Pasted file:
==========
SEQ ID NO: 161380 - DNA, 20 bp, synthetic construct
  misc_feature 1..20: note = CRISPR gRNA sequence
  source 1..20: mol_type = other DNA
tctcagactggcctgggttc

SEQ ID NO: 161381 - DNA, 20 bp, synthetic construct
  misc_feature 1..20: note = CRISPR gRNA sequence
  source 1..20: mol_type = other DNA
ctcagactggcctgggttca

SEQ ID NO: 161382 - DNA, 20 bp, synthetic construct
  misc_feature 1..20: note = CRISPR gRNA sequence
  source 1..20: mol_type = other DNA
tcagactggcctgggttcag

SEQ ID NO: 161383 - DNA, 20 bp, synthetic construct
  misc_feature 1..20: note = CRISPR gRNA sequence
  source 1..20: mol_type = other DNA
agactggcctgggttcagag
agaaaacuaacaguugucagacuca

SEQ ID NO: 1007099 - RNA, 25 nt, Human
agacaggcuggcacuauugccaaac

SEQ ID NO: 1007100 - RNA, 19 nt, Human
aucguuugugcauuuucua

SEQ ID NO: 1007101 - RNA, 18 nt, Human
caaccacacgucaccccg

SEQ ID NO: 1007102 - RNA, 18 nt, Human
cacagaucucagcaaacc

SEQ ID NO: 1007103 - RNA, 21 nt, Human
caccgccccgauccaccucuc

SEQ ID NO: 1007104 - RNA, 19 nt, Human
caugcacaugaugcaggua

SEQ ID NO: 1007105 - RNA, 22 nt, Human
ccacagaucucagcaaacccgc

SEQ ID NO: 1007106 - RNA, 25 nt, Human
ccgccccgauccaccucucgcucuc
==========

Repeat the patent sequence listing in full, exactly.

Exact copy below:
SEQ ID NO: 161380 - DNA, 20 bp, synthetic construct
  misc_feature 1..20: note = CRISPR gRNA sequence
  source 1..20: mol_type = other DNA
tctcagactggcctgggttc

SEQ ID NO: 161381 - DNA, 20 bp, synthetic construct
  misc_feature 1..20: note = CRISPR gRNA sequence
  source 1..20: mol_type = other DNA
ctcagactggcctgggttca

SEQ ID NO: 161382 - DNA, 20 bp, synthetic construct
  misc_feature 1..20: note = CRISPR gRNA sequence
  source 1..20: mol_type = other DNA
tcagactggcctgggttcag

SEQ ID NO: 161383 - DNA, 20 bp, synthetic construct
  misc_feature 1..20: note = CRISPR gRNA sequence
  source 1..20: mol_type = other DNA
agactggcctgggttcagag
agaaaacuaacaguugucagacuca

SEQ ID NO: 1007099 - RNA, 25 nt, Human
agacaggcuggcacuauugccaaac

SEQ ID NO: 1007100 - RNA, 19 nt, Human
aucguuugugcauuuucua

SEQ ID NO: 1007101 - RNA, 18 nt, Human
caaccacacgucaccccg

SEQ ID NO: 1007102 - RNA, 18 nt, Human
cacagaucucagcaaacc

SEQ ID NO: 1007103 - RNA, 21 nt, Human
caccgccccgauccaccucuc

SEQ ID NO: 1007104 - RNA, 19 nt, Human
caugcacaugaugcaggua

SEQ ID NO: 1007105 - RNA, 22 nt, Human
ccacagaucucagcaaacccgc

SEQ ID NO: 1007106 - RNA, 25 nt, Human
ccgccccgauccaccucucgcucuc